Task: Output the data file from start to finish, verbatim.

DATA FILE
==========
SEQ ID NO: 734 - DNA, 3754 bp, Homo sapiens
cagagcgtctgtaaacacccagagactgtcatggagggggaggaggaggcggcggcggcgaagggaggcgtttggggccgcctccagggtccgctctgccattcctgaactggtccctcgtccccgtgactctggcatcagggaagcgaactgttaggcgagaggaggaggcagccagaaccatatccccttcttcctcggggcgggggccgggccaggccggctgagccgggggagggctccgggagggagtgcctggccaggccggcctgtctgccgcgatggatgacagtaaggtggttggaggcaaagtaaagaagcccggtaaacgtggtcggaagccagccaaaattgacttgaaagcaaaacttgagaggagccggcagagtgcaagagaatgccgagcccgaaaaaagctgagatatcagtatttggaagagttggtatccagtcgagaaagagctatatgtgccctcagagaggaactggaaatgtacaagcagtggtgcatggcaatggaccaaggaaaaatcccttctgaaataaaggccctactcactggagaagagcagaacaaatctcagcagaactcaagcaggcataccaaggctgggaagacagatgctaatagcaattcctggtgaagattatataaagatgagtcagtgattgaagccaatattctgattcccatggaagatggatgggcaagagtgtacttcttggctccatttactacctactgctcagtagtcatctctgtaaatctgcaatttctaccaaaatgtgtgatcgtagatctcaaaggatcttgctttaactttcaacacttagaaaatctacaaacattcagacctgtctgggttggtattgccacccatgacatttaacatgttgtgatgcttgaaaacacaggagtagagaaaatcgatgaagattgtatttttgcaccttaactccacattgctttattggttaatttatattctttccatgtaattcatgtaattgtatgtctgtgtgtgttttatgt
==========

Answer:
SEQ ID NO: 734 - DNA, 3754 bp, Homo sapiens
cagagcgtctgtaaacacccagagactgtcatggagggggaggaggaggcggcggcggcgaagggaggcgtttggggccgcctccagggtccgctctgccattcctgaactggtccctcgtccccgtgactctggcatcagggaagcgaactgttaggcgagaggaggaggcagccagaaccatatccccttcttcctcggggcgggggccgggccaggccggctgagccgggggagggctccgggagggagtgcctggccaggccggcctgtctgccgcgatggatgacagtaaggtggttggaggcaaagtaaagaagcccggtaaacgtggtcggaagccagccaaaattgacttgaaagcaaaacttgagaggagccggcagagtgcaagagaatgccgagcccgaaaaaagctgagatatcagtatttggaagagttggtatccagtcgagaaagagctatatgtgccctcagagaggaactggaaatgtacaagcagtggtgcatggcaatggaccaaggaaaaatcccttctgaaataaaggccctactcactggagaagagcagaacaaatctcagcagaactcaagcaggcataccaaggctgggaagacagatgctaatagcaattcctggtgaagattatataaagatgagtcagtgattgaagccaatattctgattcccatggaagatggatgggcaagagtgtacttcttggctccatttactacctactgctcagtagtcatctctgtaaatctgcaatttctaccaaaatgtgtgatcgtagatctcaaaggatcttgctttaactttcaacacttagaaaatctacaaacattcagacctgtctgggttggtattgccacccatgacatttaacatgttgtgatgcttgaaaacacaggagtagagaaaatcgatgaagattgtatttttgcaccttaactccacattgctttattggttaatttatattctttccatgtaattcatgtaattgtatgtctgtgtgtgttttatgt